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Growing a Team and Implementing a Psychologically Safe Culture

Goal Setting
Remote
Company Culture
Psychological Safety
Cultural Differences
Prioritization
New Manager

7 January, 2022

Saarthak Vats
Saarthak Vats

VP Engineering at noon

Saarthak Vats, VP of Engineering at noon, describes how he grew a team from the bottom up, creating a nurturing and learning environment for new members.

Building a Team from the Ground Up

When I began my role at my current company, I was the first individual on the engineering team to work on a specific product. My goal was to build out an entire team as well as a distributor team. The development began from the ground up, meaning I had to develop the technology required to work on this product simultaneously.

These proved to be challenging tasks, as finding strong talent in today's market was incredibly difficult. I also struggled to expand a team, technologies, as well as a product at the same time.

Creating Culture and Growing my Team

Geographically Spread Teams:

I went on to build a team that was distributed among Sri Lanka and India, both working on similar projects. In the time span of a year, I hired third-party contractors before beginning to search for in-house developers. The contractors allowed my project and me to be more flexible and be able to pivot more frequently. Initially, it was slow to attract candidates to join my new team, although as the company grew, it became more simple.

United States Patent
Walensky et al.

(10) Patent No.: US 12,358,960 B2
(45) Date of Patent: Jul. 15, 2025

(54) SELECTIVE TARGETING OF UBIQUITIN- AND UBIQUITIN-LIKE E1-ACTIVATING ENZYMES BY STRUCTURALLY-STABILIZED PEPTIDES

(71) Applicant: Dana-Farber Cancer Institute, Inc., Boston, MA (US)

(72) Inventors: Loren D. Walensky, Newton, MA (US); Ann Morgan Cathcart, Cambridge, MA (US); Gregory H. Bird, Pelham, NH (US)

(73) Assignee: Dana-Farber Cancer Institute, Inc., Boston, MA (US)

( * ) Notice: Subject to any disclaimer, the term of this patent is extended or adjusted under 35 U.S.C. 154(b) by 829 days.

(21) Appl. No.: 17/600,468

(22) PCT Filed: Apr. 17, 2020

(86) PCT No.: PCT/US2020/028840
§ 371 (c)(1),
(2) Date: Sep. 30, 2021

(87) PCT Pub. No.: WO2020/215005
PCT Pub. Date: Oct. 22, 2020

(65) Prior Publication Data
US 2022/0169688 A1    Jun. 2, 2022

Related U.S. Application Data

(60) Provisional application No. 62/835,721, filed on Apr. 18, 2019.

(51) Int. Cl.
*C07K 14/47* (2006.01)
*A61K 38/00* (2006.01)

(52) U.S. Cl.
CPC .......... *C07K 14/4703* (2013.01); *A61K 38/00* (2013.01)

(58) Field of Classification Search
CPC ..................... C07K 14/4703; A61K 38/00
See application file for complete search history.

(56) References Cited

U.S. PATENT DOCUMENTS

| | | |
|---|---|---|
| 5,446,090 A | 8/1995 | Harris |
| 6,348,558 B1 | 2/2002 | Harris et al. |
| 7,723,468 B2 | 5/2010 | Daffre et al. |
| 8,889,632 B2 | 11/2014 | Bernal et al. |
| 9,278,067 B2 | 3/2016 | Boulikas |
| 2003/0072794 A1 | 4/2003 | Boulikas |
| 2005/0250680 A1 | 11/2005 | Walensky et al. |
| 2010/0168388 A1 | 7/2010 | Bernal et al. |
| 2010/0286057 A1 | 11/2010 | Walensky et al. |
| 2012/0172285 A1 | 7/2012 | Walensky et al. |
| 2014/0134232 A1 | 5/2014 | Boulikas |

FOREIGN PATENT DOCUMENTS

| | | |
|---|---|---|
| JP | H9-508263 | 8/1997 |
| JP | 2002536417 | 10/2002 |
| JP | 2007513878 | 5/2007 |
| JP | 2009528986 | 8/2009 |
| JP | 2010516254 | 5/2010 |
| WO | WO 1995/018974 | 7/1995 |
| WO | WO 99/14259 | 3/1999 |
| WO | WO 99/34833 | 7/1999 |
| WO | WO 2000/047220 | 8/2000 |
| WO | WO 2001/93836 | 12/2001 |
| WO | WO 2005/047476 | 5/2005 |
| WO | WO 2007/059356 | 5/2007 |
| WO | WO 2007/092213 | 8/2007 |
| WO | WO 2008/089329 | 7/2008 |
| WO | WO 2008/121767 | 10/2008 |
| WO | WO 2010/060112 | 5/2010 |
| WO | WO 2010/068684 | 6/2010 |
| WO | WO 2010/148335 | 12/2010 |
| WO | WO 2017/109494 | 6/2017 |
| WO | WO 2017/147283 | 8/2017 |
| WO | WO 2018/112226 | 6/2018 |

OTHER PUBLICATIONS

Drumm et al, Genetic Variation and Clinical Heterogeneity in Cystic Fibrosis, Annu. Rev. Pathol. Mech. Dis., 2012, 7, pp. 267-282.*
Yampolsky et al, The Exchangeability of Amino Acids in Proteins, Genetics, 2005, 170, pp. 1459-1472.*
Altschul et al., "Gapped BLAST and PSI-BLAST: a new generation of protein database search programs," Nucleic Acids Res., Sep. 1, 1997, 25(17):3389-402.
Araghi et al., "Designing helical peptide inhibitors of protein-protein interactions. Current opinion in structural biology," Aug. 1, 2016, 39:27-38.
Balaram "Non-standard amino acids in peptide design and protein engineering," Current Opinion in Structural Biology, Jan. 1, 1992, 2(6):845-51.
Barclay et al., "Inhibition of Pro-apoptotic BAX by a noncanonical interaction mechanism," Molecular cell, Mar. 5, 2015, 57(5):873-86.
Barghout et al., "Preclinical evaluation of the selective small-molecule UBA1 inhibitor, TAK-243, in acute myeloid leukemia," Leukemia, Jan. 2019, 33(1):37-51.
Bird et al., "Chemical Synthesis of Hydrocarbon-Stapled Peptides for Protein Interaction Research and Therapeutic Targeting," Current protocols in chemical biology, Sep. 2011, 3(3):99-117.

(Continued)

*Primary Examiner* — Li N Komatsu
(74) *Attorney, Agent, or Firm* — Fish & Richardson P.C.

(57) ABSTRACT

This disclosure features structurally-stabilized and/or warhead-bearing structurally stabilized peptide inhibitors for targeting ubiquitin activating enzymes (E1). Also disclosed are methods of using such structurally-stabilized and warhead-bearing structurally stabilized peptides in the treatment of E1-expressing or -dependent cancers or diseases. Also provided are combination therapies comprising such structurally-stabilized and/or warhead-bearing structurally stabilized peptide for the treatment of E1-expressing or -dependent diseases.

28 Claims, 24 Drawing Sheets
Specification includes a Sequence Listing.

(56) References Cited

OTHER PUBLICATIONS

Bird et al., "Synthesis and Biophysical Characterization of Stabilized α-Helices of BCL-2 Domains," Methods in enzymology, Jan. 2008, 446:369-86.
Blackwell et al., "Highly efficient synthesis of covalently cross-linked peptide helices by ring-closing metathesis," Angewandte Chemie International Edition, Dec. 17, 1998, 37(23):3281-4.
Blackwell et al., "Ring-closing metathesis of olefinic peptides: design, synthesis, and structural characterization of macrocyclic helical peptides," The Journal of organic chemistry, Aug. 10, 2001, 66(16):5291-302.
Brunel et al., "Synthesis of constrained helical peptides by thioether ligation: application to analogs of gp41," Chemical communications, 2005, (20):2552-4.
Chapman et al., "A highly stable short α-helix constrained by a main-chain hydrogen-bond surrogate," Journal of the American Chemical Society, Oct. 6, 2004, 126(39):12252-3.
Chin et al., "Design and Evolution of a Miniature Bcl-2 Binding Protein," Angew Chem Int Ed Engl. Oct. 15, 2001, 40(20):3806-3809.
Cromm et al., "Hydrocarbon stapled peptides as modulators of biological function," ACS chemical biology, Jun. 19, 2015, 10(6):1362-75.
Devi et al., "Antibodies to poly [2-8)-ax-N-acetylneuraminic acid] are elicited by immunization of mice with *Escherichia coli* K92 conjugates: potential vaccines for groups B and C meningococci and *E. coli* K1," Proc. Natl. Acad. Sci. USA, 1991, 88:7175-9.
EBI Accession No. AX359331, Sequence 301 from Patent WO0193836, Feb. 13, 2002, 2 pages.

Sparking a Nurturing Culture:

I worked with the contracted engineers to mentor them and create a culture where equality was present. Since many of the team members were contractors, it was vital for them to feel equally represented and important as full-time in-house members. The focus was on a culture that nurtured individuals, no matter their job title.

I embodied my actions and led the team with empathy and respect to live out this psychologically safe culture. I wanted high performance, so I set high standards for myself and the team, being resourceful with our resources and skills.

It was essential for my new team to have psychological safety, to be able to voice their opinions, and share their ideas. To inspire inclusiveness, I began initiatives with new team members to ensure they were part of the community and taught them the technical complexities of the work.

Outcomes:

By working with external and internal factors, I built a team by the end of just one year. Although the team still needed some upskilling, they were fully functional and could deliver code to a high standard. Staying with my challenge and focusing on the culture before the technical aspects allowed new team members to ship code quicker.

Areas of Growth for New Teams

  • Focus on the culture of a team before anything else. When hiring initial team members, you are laying the foundation for an entire team. If these individuals do not align themselves with your values, others that join the team will take their lead. Think long-term about personalities and functionalities that are beneficial for the team and work backward from there.
  • Be in a learning mode all the time. Don't try and achieve perfection right from the start, but rather be forgiving of others' mistakes and be willing to offer your mentorship. Lay a vision for team member's personal growth and support them by removing their bottlenecks or any other organizational challenges.

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